Joint development of oil and gas resources in the disputed South China Sea between claimant states that simultaneously are seeking maritime delimitation with one another are likely to end in failure, a new study based on historical analysis of similar projects indicates.
The peer-reviewed qualitative study by Song Xue of Fudan University in Shanghai found that in 19 joint development projects worldwide between 1958 and 2008, the “necessary condition” for failure was a deterioration of bilateral ties between the partner countries – often over their maritime disputes.
In contrast, there were no consistent correlations between failure of such bilateral pacts and five other factors: an absence of economic incentives, high energy independence of countries involved, domestic politics, “third-party” interference and disagreements over the details of the venture.
Writing in the latest edition of the Contemporary Southeast Asia journal published by Singapore’s ISEAS-Yusof Ishak think tank, Song wrote that for the claimant countries to cash in on the energy bounty of the South China Sea, the best approach would be to “shelve their territorial disputes to pursue joint development”.
The waters – claimed by China, Vietnam, the Philippines, Brunei, Malaysia and the self-ruled island of Taiwan – have 200 oil- and gas-bearing structures and 180 hydrocarbon resource fields, Song said, adding that some Chinese researchers call the area a “second Persian Gulf”.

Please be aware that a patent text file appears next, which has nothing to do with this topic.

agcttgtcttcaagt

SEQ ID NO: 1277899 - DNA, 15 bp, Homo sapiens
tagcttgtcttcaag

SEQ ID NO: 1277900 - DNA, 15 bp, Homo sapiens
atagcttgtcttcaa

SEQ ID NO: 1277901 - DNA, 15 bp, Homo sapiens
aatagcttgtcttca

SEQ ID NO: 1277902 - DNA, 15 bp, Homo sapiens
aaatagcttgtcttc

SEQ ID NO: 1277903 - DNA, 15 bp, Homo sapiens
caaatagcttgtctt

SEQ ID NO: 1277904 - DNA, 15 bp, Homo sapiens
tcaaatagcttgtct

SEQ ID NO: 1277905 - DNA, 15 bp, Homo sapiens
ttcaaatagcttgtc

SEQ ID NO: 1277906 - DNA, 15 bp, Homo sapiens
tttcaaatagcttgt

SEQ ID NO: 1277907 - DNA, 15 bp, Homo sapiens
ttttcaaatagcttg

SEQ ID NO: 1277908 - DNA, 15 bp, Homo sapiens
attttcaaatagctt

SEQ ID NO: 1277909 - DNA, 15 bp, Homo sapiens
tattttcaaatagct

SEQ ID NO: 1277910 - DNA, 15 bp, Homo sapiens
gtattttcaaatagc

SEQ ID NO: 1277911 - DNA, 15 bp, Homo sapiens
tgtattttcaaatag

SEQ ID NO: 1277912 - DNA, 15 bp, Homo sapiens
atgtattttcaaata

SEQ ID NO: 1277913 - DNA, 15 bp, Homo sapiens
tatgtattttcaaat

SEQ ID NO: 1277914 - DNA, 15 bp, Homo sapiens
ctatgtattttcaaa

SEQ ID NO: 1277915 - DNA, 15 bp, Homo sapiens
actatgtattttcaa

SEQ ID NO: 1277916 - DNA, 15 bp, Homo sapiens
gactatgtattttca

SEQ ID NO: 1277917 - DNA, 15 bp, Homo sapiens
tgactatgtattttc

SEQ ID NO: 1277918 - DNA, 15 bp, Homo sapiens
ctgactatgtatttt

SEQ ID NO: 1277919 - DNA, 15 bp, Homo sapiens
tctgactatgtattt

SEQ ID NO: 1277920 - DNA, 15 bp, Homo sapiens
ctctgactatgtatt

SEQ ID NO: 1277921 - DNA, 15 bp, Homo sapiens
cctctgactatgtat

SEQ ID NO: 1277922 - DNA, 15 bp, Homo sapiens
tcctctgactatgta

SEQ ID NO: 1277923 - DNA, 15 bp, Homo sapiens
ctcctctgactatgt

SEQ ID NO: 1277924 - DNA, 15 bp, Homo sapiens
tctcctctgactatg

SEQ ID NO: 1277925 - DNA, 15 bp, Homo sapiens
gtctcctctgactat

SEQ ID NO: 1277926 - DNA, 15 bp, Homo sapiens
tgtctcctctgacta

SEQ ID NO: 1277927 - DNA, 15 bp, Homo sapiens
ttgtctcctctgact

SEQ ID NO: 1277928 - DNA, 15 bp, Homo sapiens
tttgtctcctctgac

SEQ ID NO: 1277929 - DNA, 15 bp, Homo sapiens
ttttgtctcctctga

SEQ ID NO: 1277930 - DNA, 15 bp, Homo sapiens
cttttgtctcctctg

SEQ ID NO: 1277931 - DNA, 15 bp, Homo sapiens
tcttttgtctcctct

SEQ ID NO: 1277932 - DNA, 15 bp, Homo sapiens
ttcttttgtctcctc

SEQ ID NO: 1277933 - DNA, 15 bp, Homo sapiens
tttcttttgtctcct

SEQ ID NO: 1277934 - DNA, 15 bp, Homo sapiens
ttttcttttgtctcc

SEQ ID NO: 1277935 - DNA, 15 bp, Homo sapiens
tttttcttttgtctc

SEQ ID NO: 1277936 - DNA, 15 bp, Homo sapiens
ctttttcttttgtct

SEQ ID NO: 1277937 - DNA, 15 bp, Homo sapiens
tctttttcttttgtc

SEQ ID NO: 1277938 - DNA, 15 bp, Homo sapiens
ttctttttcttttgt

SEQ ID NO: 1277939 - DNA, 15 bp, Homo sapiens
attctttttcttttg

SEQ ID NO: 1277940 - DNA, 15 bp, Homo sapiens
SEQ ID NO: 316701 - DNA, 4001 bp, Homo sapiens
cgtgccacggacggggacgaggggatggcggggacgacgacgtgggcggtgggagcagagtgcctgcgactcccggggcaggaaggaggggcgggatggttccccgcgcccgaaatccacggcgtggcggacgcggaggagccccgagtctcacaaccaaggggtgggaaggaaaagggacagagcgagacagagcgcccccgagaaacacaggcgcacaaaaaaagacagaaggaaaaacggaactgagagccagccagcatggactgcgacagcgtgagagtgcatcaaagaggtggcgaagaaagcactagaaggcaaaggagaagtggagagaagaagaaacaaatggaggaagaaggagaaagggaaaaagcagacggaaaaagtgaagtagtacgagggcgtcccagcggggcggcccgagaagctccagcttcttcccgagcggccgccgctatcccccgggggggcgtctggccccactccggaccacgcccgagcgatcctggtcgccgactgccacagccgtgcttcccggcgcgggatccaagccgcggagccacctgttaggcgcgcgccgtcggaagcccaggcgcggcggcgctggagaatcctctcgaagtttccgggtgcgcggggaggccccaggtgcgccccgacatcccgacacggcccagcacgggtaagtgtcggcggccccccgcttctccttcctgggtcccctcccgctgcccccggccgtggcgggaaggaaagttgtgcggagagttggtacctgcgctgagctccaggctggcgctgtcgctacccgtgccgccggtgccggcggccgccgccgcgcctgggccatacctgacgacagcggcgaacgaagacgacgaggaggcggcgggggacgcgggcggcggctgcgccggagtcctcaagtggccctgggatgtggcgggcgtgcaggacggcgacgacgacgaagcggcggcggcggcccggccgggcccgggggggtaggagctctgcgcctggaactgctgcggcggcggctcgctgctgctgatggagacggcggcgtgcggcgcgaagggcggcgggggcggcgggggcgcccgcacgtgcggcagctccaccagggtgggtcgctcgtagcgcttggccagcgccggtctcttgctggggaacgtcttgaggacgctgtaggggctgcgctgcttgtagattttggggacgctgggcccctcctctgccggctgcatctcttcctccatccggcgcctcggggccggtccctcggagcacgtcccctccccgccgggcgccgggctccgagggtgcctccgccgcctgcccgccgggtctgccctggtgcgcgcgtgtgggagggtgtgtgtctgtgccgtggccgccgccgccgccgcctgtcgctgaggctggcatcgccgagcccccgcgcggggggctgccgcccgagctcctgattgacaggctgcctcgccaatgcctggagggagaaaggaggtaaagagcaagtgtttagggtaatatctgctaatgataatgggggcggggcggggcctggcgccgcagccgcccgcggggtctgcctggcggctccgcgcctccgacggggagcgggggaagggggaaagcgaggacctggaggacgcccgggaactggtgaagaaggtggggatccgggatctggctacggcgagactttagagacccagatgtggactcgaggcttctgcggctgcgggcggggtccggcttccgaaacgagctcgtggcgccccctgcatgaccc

The study of past joint ventures showed “improved bilateral relations is the prerequisite for the effective implementation of joint development ventures, and not the other way around” said Song, an assistant professor at the Institute of International Studies.
“Littoral states should also not pursue joint development agreements as a false pretext to secretly consolidate their maritime boundary claims, or to confirm the status of a ‘dispute’.”
The code of conduct currently under negotiations between China and members of the 10-nation Asean bloc “may help to create a conducive atmosphere for claimant states to agree on the joint development of offshore hydrocarbon”, Song wrote.
There is currently heightened focus on energy exploration activities in the disputed waters.
Beijing claims sovereignty over some 90 per cent of the waters and the nine-dash line demarcating its claims overlap with the exclusive economic zones of the other claimants.
Over the past year, China and the Philippines have developed plans for joint explorations in contested waters, with Manila entitled to 60 per cent of the revenue.
A memorandum of understanding was signed in 2018 after President Rodrigo Duterte diverged from his predecessor Benigno Aquino’s hawkish stance on the Philippines’ claims and instead pursued an aggressively pro-China policy.
The cases studied by Song offered rich evidence of how bickering over long-standing, seemingly intractable differences over maritime boundaries lead to implementation failure of joint development pacts.